Peters has more than 35 years of experience in leadership roles in the furniture industry. He got his start at the former Marks Fitzgerald Furniture of Birmingham, Ala., before leaving in 1989 to launch living room specialty retailer Sofa Connection in Nashville, Tenn. Peters took that business from the two stores he started with to 20 by the time he sold out to Klaussner Home Furnishings in 2002.
Klaussner acquired Groveport, Ohio-based Sofa Express at the same time and merged the brands, a business Peters helped run for several years until Klaussner eventually exited the retail business. He then became vice president over Klaussner’s import division and domestic motion and domestic leather divisions until 2011 when he joined Global Furniture USA as director of sales and merchandising.
Peters left Global in 2018 when he was recruited by Chinese OEM supplier Zoy Furniture, where he worked briefly. Most recently, Peters was working certain key accounts for upholstery producers Nice Link Home Furnishings and LeatherWorks.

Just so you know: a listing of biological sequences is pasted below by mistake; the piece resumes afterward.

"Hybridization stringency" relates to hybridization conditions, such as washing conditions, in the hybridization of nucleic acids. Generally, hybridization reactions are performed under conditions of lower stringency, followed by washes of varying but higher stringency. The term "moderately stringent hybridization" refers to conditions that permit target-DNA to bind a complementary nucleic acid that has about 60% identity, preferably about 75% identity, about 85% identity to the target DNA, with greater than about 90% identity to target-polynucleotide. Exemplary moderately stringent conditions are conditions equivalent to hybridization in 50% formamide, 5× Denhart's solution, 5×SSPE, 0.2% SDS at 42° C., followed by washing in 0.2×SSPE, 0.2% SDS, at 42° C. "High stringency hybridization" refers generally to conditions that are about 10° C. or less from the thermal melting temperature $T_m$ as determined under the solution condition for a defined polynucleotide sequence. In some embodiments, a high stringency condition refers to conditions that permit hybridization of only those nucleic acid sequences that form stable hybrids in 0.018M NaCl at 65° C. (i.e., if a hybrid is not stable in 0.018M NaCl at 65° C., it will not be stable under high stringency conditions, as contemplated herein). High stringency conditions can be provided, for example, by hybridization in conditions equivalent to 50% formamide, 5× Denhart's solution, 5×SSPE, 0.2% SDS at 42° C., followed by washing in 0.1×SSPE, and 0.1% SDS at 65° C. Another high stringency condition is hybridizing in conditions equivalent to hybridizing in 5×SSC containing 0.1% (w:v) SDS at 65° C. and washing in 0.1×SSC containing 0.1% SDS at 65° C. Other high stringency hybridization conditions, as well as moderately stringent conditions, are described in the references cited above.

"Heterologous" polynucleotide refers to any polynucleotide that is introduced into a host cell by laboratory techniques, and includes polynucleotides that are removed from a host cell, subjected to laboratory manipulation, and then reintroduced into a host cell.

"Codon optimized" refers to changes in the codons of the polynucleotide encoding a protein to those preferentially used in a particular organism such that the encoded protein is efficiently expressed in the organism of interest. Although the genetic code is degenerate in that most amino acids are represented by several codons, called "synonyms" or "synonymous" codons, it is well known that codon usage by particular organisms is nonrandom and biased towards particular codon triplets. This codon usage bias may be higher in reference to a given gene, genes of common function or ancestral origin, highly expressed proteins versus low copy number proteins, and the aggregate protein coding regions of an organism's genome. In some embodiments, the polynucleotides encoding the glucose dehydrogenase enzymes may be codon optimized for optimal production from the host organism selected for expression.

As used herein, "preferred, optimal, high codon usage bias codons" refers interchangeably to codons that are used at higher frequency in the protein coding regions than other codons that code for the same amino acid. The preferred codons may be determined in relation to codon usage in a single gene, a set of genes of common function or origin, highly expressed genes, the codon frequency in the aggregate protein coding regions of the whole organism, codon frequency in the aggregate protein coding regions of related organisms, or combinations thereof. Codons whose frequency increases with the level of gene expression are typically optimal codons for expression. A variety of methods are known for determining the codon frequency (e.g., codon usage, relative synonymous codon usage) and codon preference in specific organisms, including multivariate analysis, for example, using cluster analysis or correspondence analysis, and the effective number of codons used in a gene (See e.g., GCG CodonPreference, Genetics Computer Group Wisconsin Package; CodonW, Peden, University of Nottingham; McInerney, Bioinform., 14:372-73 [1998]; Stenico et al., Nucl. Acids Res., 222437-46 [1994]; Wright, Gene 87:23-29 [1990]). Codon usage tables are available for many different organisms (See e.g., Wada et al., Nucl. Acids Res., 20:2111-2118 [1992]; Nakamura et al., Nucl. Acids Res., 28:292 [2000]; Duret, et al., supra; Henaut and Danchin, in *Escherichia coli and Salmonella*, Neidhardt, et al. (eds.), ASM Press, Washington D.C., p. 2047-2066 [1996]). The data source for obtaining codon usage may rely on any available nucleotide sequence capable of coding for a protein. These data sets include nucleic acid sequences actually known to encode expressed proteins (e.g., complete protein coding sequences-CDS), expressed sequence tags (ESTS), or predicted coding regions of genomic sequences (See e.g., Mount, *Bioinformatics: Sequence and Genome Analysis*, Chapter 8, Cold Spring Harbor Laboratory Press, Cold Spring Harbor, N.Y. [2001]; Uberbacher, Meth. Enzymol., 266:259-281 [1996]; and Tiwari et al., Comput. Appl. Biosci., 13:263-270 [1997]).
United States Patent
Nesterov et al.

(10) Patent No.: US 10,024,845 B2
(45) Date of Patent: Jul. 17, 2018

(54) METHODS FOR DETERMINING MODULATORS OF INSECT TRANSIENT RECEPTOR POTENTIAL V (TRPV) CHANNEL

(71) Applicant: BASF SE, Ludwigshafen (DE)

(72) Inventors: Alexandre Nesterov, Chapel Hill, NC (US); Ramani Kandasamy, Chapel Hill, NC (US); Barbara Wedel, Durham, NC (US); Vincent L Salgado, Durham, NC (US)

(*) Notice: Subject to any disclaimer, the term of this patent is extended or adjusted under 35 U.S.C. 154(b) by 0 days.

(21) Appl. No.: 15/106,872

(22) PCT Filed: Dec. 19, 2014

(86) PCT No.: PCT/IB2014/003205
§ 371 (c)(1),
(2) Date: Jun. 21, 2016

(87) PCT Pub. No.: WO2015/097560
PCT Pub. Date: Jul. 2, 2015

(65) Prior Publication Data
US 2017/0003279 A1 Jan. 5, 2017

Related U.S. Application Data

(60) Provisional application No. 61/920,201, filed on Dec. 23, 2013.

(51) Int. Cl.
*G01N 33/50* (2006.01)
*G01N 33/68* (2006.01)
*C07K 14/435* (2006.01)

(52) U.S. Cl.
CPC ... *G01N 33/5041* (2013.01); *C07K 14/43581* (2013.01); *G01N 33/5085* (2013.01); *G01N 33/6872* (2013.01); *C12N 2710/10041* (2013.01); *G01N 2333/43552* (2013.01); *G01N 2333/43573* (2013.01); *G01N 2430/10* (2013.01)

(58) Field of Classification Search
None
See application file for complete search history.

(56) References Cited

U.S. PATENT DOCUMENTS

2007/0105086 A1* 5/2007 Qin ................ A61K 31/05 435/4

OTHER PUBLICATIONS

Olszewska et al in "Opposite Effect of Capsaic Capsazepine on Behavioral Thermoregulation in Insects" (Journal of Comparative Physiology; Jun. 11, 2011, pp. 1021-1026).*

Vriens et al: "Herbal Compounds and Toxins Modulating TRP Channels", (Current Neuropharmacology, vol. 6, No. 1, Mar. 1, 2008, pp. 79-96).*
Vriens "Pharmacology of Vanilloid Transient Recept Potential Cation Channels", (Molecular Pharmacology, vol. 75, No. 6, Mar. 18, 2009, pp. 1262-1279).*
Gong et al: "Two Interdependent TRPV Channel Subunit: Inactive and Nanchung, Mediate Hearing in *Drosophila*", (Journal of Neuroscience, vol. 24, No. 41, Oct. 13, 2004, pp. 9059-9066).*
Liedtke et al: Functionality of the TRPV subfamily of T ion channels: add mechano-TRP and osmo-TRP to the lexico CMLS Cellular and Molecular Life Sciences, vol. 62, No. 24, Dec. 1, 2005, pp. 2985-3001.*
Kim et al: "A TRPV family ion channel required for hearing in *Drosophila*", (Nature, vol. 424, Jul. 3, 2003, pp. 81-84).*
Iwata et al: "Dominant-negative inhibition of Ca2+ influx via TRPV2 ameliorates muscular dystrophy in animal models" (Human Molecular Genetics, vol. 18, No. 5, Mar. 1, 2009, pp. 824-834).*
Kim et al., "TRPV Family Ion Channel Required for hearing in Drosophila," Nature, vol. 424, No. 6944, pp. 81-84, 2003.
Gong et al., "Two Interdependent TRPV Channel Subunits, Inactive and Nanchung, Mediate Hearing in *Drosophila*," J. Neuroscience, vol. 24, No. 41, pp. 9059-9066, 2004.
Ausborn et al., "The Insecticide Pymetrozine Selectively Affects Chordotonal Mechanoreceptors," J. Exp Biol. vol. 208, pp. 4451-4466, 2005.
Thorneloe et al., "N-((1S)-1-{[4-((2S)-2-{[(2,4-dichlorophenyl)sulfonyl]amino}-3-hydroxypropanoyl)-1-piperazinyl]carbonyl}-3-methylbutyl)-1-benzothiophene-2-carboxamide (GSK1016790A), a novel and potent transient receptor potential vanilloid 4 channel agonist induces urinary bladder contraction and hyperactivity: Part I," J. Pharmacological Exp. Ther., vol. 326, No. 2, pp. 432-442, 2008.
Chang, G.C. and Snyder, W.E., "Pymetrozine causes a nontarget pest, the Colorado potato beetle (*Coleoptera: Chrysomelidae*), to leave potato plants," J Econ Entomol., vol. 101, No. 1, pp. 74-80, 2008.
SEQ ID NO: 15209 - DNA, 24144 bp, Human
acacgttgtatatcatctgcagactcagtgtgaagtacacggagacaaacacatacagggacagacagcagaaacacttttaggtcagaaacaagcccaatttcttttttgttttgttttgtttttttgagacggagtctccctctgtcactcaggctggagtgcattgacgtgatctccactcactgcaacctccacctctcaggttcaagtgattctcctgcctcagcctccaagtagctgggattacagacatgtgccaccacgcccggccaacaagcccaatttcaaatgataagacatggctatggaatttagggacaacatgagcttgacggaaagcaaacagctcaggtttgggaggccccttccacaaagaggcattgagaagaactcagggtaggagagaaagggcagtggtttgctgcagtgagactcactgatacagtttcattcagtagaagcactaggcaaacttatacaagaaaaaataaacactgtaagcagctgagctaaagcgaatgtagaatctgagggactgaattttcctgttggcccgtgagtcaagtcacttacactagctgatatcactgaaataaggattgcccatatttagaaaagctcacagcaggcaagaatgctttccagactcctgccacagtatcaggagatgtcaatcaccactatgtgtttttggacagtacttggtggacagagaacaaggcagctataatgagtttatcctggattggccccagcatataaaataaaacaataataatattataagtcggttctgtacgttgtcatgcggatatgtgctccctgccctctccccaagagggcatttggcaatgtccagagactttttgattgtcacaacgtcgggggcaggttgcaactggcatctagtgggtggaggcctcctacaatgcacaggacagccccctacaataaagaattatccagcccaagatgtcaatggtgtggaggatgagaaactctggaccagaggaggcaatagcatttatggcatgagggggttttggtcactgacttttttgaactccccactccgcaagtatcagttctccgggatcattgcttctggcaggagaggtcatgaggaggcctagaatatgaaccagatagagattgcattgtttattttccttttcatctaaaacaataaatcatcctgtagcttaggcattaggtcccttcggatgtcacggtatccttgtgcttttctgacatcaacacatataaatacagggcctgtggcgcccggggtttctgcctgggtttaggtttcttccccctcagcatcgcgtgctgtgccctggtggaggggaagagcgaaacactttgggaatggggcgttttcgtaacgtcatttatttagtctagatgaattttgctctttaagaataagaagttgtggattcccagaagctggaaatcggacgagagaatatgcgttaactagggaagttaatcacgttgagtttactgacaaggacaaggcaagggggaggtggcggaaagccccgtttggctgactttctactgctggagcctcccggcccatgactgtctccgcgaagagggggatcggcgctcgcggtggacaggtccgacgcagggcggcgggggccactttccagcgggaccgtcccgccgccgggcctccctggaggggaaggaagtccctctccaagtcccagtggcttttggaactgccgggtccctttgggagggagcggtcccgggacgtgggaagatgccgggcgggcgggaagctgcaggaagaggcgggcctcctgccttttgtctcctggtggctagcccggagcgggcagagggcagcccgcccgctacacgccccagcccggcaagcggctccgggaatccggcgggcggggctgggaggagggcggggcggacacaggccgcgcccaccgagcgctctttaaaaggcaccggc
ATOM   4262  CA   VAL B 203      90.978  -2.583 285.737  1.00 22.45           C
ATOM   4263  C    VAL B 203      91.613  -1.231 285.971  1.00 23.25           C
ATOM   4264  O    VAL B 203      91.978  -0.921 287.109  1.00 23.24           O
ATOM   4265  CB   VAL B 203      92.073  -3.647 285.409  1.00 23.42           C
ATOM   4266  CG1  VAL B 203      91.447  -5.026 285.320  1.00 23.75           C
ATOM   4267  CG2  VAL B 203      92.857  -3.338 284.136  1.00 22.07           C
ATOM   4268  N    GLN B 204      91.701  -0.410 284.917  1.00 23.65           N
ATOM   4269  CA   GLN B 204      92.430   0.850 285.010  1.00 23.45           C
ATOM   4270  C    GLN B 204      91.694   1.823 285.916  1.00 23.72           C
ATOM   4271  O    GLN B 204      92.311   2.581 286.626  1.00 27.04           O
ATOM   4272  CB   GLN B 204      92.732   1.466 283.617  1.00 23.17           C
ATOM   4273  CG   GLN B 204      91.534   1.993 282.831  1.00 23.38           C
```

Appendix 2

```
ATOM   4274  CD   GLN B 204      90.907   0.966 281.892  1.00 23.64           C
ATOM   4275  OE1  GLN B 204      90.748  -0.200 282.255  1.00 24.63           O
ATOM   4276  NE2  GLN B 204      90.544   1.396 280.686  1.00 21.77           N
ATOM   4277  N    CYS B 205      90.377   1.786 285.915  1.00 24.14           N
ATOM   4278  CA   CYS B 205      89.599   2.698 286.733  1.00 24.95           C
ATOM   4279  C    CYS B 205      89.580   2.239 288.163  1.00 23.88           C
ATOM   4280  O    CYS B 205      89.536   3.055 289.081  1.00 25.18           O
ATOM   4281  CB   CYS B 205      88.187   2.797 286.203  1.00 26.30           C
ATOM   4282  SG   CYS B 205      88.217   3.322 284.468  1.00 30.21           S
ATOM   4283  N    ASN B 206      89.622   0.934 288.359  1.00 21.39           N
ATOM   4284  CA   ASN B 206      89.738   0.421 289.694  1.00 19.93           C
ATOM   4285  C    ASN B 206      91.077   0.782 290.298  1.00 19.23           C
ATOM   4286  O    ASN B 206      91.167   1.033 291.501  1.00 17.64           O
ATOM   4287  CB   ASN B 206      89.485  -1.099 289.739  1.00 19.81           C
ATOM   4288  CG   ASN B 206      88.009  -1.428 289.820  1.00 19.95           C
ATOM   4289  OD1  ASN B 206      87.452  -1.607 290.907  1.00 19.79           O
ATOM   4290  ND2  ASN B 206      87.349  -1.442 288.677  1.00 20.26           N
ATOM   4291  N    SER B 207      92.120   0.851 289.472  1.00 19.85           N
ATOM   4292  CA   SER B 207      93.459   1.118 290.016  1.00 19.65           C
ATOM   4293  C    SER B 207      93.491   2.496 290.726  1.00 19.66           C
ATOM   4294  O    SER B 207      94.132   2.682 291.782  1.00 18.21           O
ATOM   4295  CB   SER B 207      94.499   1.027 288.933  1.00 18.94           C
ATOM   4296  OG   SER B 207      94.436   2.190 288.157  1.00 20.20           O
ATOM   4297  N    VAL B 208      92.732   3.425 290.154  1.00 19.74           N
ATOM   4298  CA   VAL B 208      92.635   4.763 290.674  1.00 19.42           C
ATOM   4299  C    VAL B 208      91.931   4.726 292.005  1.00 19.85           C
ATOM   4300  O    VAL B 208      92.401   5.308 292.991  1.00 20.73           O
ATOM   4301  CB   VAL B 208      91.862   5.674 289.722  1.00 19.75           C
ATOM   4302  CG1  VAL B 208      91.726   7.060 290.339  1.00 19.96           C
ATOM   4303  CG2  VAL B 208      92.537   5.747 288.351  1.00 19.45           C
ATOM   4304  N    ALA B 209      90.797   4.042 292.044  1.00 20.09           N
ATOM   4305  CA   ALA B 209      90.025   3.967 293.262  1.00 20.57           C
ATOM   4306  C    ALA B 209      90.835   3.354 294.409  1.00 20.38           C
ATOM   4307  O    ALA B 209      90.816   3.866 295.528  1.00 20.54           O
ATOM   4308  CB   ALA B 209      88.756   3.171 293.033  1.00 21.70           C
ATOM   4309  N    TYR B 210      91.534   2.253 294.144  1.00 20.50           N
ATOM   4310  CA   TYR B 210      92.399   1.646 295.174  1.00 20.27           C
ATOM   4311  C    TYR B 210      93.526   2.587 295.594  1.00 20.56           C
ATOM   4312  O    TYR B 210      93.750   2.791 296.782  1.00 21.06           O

Asked about the supply picture at Loves today, Peters said, “The biggest challenge every retailer in the country is having is just the ability to get goods.
“We have some key suppliers that are basically out until June … so it’s a matter of getting slotted in … to get goods quicker.” He added all of his industry contacts he’s talked to so far have “been very excited there’s been a change made (at Loves) and they’re excited to move forward with us.”
Peters said it took Loves longer than expected to move into the Warren distribution center, and operating in multiple warehouses until recently compounded logistics problems. But since the recent move, and now with the decision to pull the store base into Michigan, “we know we can continue to deliver and execute our current customer orders better, so it’s just helped up us on every level.”
While Loves is pausing growth for now, “Our plans are to … follow through with the vision they started with,” Peters said.
“I think it’s a great plan. I think it’s a great line: Love where you live at Loves Furniture. We want to continue to grow the brand.
“We embarked on an almost impossible journey — trying to open a lot of stores in a short period of time when the whole world is facing a pandemic. So we’re going to go back and focus on our footprint in the Michigan market. We all know there was a big hole left in this market when Art Van left, so today (it’s) underserved.
“We’re looking for bright days ahead to build a bigger, better and stronger company.”